The parasite known as heartworm is spread through the bite of a mosquito that has recently fed on an infected animal. The tiny creatures migrate from the mosquito to the new victim, where they circulate for some time in the bloodstream, too microscopic to be harmful. It takes nearly 3 months for the larval heartworm to develop into a larger worm that takes up residence in the host's heart, and even longer before the worms' offspring, microfilariae, are detectable on certain heartworm tests.

The presence of a few worms in a dog's heart may never cause visible symptoms. A large infestation manifests as coughing, lethargy, convulsions, vomiting, blindness, fainting, and weight loss. The 5-14 inch worms can clog blood flow through the heart, in some cases with fatal complications. The inflammation sparked by the immune system response can cause joint pain. Getting rid of the infestation requires expensive treatment and weeks of bedrest. A significant portion of dogs die during treatment from pieces of dead worm lodging in vital organs.

Reducing mosquito population

Mosquitoes are the only way that heartworm can be spread between dogs or wild canines like coyotes. Be proactive in keeping down the population of these pests. Mosquitoes can breed in flowerpot saucers, old tires, knot-holes or crotches in trees, landscape fountains and stagnant swimming pools. If you live on property, call your friendly local vector control officer to consult on non-toxic options, many provided free of charge.  Your neighbors will be happy to participate in getting rid of as many of the pests as possible. While you're at it, make sure your neighbors are giving their own dogs heartworm preventative-- many people are unaware that their healthy-looking dog could be a "Typhoid Mary", harboring and spreading heartworms every time a mosquito bites them.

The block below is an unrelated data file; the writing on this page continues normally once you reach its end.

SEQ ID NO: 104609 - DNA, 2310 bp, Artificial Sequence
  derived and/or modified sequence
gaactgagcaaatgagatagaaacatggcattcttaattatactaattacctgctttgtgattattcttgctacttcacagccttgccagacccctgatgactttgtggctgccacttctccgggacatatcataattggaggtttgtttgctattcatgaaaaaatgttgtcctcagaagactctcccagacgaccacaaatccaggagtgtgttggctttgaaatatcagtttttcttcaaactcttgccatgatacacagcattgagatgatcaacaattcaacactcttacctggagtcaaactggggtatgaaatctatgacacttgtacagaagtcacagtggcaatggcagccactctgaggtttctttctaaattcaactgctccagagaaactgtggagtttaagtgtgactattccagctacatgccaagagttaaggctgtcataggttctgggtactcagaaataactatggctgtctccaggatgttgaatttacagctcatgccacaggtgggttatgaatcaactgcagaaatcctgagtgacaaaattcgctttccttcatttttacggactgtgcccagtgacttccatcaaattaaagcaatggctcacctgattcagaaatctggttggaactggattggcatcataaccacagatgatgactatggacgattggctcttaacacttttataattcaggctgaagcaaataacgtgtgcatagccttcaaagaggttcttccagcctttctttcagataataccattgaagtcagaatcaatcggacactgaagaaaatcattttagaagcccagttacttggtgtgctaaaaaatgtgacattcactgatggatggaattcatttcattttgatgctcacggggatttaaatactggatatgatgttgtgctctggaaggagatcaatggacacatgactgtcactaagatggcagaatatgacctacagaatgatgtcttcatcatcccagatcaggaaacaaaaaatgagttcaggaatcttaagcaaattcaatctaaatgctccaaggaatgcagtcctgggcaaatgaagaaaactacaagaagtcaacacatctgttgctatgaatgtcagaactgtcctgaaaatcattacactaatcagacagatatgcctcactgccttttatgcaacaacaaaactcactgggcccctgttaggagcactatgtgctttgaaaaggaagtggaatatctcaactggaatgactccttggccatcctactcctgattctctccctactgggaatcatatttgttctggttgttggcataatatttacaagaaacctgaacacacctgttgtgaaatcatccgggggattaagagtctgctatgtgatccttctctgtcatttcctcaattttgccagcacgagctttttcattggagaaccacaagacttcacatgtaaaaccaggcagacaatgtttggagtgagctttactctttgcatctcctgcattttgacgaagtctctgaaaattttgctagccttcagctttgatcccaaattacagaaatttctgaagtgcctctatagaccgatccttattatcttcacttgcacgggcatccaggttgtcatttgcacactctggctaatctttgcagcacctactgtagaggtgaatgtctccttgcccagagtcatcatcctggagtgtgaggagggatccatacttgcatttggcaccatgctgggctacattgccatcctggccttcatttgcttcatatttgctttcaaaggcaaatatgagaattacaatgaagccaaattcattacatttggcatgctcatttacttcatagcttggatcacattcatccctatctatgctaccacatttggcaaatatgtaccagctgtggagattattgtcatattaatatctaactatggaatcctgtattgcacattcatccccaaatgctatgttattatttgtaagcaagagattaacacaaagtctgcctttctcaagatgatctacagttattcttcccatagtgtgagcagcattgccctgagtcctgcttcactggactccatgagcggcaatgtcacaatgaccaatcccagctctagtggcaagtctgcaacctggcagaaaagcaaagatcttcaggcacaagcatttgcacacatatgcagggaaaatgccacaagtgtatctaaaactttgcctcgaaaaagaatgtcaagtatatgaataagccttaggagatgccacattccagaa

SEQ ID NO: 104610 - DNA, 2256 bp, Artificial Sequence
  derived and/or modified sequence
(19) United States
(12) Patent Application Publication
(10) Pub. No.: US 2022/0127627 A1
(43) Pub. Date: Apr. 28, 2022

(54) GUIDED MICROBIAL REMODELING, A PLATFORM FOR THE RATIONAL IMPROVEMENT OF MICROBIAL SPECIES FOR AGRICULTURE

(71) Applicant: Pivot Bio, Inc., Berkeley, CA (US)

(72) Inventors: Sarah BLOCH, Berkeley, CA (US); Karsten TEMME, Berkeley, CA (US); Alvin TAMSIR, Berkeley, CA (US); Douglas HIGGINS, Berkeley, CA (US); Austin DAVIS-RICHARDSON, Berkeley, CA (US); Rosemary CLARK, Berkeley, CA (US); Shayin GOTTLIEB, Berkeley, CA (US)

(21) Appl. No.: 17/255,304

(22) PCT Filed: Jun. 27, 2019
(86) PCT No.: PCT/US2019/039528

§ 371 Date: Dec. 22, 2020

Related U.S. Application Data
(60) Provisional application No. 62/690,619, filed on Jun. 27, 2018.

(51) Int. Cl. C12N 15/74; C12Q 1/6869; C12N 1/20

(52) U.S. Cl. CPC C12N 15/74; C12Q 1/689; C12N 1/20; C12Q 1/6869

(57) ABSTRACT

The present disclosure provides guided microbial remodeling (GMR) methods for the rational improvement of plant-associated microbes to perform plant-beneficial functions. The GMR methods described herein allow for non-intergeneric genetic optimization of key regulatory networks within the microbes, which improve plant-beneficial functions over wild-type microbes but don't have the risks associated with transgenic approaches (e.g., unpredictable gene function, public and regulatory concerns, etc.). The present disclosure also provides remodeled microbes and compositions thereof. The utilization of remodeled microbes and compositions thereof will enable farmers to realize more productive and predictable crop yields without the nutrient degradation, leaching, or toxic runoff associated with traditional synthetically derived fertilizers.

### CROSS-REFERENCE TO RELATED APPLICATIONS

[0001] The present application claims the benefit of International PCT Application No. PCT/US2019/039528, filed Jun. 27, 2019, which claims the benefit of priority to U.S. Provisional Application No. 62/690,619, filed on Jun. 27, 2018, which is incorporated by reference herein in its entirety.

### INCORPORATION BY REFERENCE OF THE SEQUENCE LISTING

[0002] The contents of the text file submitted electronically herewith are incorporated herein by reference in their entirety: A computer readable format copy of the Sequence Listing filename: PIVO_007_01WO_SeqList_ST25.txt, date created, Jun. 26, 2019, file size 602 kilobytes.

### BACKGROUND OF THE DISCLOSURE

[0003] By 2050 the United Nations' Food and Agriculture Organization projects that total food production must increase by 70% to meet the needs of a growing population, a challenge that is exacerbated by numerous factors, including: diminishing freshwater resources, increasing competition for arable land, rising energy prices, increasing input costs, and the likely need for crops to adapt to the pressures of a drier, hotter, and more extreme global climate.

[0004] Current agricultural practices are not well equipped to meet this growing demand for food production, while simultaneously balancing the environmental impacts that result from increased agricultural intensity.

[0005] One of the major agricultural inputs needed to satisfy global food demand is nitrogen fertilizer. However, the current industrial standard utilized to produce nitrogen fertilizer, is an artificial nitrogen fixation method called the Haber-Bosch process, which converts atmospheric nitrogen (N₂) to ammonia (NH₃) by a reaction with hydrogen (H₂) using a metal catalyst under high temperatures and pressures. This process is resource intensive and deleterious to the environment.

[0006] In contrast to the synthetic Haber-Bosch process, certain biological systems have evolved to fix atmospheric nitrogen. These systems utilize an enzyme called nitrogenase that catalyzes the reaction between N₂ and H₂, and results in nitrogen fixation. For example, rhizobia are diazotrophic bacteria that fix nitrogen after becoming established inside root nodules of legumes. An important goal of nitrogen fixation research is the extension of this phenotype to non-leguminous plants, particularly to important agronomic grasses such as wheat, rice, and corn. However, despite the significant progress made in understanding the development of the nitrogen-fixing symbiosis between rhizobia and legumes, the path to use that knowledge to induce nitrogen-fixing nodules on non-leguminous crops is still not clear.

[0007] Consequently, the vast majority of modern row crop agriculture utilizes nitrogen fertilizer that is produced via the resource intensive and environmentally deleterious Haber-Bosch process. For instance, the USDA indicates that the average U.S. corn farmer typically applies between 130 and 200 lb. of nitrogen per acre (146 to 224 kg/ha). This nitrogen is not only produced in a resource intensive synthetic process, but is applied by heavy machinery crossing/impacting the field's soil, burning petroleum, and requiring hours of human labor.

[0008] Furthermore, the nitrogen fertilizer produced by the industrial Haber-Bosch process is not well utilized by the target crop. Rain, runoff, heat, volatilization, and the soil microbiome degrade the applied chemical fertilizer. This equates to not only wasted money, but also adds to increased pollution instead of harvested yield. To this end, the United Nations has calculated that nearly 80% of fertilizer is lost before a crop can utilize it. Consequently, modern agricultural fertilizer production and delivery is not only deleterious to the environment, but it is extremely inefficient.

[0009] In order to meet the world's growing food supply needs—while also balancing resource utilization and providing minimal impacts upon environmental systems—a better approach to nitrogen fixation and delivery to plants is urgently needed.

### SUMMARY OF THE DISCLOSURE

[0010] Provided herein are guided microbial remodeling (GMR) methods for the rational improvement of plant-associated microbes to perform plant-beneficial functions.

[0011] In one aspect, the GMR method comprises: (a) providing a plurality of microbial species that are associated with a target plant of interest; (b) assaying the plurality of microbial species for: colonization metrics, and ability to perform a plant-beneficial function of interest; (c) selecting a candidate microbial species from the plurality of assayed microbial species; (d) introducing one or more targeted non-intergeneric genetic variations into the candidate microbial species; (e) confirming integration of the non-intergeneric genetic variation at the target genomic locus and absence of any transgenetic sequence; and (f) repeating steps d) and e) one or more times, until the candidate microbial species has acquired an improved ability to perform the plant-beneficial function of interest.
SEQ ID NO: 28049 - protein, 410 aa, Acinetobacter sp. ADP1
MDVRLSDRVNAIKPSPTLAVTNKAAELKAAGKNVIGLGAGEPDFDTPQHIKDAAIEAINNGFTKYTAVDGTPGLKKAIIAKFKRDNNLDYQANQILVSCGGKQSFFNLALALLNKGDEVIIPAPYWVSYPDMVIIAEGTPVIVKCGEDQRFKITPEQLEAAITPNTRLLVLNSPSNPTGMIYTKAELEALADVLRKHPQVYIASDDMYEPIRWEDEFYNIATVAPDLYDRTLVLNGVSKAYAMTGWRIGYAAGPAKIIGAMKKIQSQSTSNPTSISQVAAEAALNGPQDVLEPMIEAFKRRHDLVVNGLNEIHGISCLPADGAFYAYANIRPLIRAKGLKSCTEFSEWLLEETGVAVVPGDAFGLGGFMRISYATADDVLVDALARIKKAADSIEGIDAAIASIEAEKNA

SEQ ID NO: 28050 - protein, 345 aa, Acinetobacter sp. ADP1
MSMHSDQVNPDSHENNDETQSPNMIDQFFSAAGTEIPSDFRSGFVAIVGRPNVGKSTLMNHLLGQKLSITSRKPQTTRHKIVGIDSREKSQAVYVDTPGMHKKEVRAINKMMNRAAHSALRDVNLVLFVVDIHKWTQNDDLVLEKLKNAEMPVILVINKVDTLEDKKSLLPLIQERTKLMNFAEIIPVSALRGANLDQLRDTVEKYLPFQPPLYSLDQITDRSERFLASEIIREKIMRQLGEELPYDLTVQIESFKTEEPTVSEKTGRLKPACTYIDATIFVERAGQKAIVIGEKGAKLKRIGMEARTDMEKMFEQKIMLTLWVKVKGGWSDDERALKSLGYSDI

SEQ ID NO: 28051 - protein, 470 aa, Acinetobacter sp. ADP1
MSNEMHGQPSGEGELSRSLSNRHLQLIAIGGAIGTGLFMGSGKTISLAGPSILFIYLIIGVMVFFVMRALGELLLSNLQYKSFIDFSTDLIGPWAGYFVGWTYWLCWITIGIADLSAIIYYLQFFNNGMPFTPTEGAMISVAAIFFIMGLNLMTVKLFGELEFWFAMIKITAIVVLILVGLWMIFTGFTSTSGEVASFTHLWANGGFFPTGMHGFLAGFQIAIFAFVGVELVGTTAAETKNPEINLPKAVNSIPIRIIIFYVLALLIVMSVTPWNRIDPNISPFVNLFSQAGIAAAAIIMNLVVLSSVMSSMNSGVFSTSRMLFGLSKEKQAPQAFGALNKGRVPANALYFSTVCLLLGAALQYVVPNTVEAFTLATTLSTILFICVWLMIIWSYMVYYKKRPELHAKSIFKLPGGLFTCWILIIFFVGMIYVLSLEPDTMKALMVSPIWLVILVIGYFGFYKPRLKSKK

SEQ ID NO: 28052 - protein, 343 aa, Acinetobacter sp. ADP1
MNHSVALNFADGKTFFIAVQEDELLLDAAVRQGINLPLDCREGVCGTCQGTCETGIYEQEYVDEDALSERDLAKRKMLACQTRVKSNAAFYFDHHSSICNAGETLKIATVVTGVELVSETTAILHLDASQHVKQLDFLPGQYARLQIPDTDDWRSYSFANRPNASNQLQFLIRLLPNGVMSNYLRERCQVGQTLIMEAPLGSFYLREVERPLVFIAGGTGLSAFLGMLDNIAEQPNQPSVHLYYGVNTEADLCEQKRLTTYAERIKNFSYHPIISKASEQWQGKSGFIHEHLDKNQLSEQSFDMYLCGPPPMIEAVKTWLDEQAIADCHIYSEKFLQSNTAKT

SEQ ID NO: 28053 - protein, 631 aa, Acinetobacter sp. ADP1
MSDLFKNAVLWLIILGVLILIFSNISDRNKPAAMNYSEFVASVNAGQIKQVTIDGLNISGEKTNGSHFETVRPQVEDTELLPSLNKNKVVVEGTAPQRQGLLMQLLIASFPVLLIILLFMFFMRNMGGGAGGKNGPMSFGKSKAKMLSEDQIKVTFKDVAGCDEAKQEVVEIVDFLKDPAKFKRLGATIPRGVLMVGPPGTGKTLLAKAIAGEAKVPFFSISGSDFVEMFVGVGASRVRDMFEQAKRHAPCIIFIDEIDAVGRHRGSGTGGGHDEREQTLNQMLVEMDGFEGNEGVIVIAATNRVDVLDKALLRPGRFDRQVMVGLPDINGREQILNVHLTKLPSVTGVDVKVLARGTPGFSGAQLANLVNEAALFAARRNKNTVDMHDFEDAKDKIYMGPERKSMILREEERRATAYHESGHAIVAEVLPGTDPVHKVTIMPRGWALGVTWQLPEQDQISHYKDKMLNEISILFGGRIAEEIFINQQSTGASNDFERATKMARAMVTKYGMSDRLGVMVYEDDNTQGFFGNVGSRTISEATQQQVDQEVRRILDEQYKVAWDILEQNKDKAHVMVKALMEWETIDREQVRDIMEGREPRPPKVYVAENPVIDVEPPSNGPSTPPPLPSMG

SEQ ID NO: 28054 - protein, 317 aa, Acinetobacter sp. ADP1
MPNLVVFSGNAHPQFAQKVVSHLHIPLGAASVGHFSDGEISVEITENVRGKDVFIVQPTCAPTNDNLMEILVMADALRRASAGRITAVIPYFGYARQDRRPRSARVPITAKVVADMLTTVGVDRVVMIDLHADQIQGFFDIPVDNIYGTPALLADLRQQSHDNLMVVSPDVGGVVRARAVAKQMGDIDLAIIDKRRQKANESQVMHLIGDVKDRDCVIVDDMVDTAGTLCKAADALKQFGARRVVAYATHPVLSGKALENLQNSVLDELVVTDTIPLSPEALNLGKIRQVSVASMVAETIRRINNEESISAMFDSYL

Reducing mosquito bites

Keeping your dog indoors during peak mosquito-feeding times may help but is not a surety-- mosquitoes still get inside. A study in LA found that, among the few dogs which tested positive (67 out of 4,350), 50% were described by their owners as “always indoors”. It's NOT a good idea to use mosquito repellent made for humans on your dog. Ingredients in repellents can be TOXIC to canines, either absorbed through the skin or licked off. Use only dog-safe repellents made from essential oils.

Treating for larval-stage heartworm

Fending off mosquitoes is a bit like herding cats and eventually an infected mosquito may get through to your dog. There are a number of mild oral insecticides that will kill any developing larvae before they become dangerous adult worms and take up residence in the heart.  The top three are ivermectin (brand-names Heartgard® , Merial, Inverhart™ and Virbac); milbemycin oxime (Interceptor®, Sentinel, and Novartis); and selamectin (Revolution® and Pfizer). No doubt about it, these are toxic bug-killing chemicals. Selamectin flushes out in a week or so but ivermectin persists in fat tissue for much longer (toxicology).